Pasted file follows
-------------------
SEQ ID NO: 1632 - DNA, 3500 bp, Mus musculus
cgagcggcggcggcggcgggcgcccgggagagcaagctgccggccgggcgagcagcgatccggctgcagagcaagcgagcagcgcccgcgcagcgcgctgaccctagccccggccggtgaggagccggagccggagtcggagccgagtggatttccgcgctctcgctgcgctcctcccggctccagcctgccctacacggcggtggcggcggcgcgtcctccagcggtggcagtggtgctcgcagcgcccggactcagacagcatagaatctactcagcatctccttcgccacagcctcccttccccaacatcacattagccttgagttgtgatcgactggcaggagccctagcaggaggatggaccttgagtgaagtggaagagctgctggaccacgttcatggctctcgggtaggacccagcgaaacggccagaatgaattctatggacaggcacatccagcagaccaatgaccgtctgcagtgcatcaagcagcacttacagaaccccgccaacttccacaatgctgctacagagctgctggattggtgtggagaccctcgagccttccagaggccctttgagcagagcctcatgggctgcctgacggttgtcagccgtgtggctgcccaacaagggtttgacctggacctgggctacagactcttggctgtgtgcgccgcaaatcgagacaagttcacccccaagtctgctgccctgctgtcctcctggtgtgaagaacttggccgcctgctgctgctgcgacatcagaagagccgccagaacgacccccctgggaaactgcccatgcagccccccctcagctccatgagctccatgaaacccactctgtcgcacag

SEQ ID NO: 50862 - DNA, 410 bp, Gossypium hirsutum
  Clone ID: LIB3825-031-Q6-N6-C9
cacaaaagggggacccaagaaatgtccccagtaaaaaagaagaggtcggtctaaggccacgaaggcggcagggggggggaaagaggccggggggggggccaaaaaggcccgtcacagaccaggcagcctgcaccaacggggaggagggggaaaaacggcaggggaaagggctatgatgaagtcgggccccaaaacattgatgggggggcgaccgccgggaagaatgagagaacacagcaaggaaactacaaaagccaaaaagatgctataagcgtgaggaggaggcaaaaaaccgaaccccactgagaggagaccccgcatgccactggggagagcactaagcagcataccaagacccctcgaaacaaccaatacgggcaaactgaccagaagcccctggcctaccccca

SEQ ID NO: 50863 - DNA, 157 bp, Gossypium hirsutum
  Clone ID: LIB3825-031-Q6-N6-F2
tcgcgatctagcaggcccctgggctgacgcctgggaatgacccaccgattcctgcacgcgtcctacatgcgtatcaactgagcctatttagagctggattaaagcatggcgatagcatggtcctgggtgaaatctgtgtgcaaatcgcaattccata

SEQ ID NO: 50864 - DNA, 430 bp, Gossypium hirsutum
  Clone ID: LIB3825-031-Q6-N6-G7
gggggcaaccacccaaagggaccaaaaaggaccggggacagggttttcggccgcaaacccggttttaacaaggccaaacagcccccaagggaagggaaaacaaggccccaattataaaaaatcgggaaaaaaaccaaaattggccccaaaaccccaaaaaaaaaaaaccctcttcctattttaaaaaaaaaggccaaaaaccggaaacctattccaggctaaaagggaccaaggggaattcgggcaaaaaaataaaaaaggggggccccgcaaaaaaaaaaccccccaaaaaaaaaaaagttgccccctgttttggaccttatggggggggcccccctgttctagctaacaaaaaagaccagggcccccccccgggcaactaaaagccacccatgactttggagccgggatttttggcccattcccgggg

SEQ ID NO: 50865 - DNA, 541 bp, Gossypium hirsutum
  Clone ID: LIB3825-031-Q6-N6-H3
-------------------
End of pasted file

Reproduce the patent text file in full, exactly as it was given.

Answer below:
SEQ ID NO: 1632 - DNA, 3500 bp, Mus musculus
cgagcggcggcggcggcgggcgcccgggagagcaagctgccggccgggcgagcagcgatccggctgcagagcaagcgagcagcgcccgcgcagcgcgctgaccctagccccggccggtgaggagccggagccggagtcggagccgagtggatttccgcgctctcgctgcgctcctcccggctccagcctgccctacacggcggtggcggcggcgcgtcctccagcggtggcagtggtgctcgcagcgcccggactcagacagcatagaatctactcagcatctccttcgccacagcctcccttccccaacatcacattagccttgagttgtgatcgactggcaggagccctagcaggaggatggaccttgagtgaagtggaagagctgctggaccacgttcatggctctcgggtaggacccagcgaaacggccagaatgaattctatggacaggcacatccagcagaccaatgaccgtctgcagtgcatcaagcagcacttacagaaccccgccaacttccacaatgctgctacagagctgctggattggtgtggagaccctcgagccttccagaggccctttgagcagagcctcatgggctgcctgacggttgtcagccgtgtggctgcccaacaagggtttgacctggacctgggctacagactcttggctgtgtgcgccgcaaatcgagacaagttcacccccaagtctgctgccctgctgtcctcctggtgtgaagaacttggccgcctgctgctgctgcgacatcagaagagccgccagaacgacccccctgggaaactgcccatgcagccccccctcagctccatgagctccatgaaacccactctgtcgcacag

SEQ ID NO: 50862 - DNA, 410 bp, Gossypium hirsutum
  Clone ID: LIB3825-031-Q6-N6-C9
cacaaaagggggacccaagaaatgtccccagtaaaaaagaagaggtcggtctaaggccacgaaggcggcagggggggggaaagaggccggggggggggccaaaaaggcccgtcacagaccaggcagcctgcaccaacggggaggagggggaaaaacggcaggggaaagggctatgatgaagtcgggccccaaaacattgatgggggggcgaccgccgggaagaatgagagaacacagcaaggaaactacaaaagccaaaaagatgctataagcgtgaggaggaggcaaaaaaccgaaccccactgagaggagaccccgcatgccactggggagagcactaagcagcataccaagacccctcgaaacaaccaatacgggcaaactgaccagaagcccctggcctaccccca

SEQ ID NO: 50863 - DNA, 157 bp, Gossypium hirsutum
  Clone ID: LIB3825-031-Q6-N6-F2
tcgcgatctagcaggcccctgggctgacgcctgggaatgacccaccgattcctgcacgcgtcctacatgcgtatcaactgagcctatttagagctggattaaagcatggcgatagcatggtcctgggtgaaatctgtgtgcaaatcgcaattccata

SEQ ID NO: 50864 - DNA, 430 bp, Gossypium hirsutum
  Clone ID: LIB3825-031-Q6-N6-G7
gggggcaaccacccaaagggaccaaaaaggaccggggacagggttttcggccgcaaacccggttttaacaaggccaaacagcccccaagggaagggaaaacaaggccccaattataaaaaatcgggaaaaaaaccaaaattggccccaaaaccccaaaaaaaaaaaaccctcttcctattttaaaaaaaaaggccaaaaaccggaaacctattccaggctaaaagggaccaaggggaattcgggcaaaaaaataaaaaaggggggccccgcaaaaaaaaaaccccccaaaaaaaaaaaagttgccccctgttttggaccttatggggggggcccccctgttctagctaacaaaaaagaccagggcccccccccgggcaactaaaagccacccatgactttggagccgggatttttggcccattcccgggg

SEQ ID NO: 50865 - DNA, 541 bp, Gossypium hirsutum
  Clone ID: LIB3825-031-Q6-N6-H3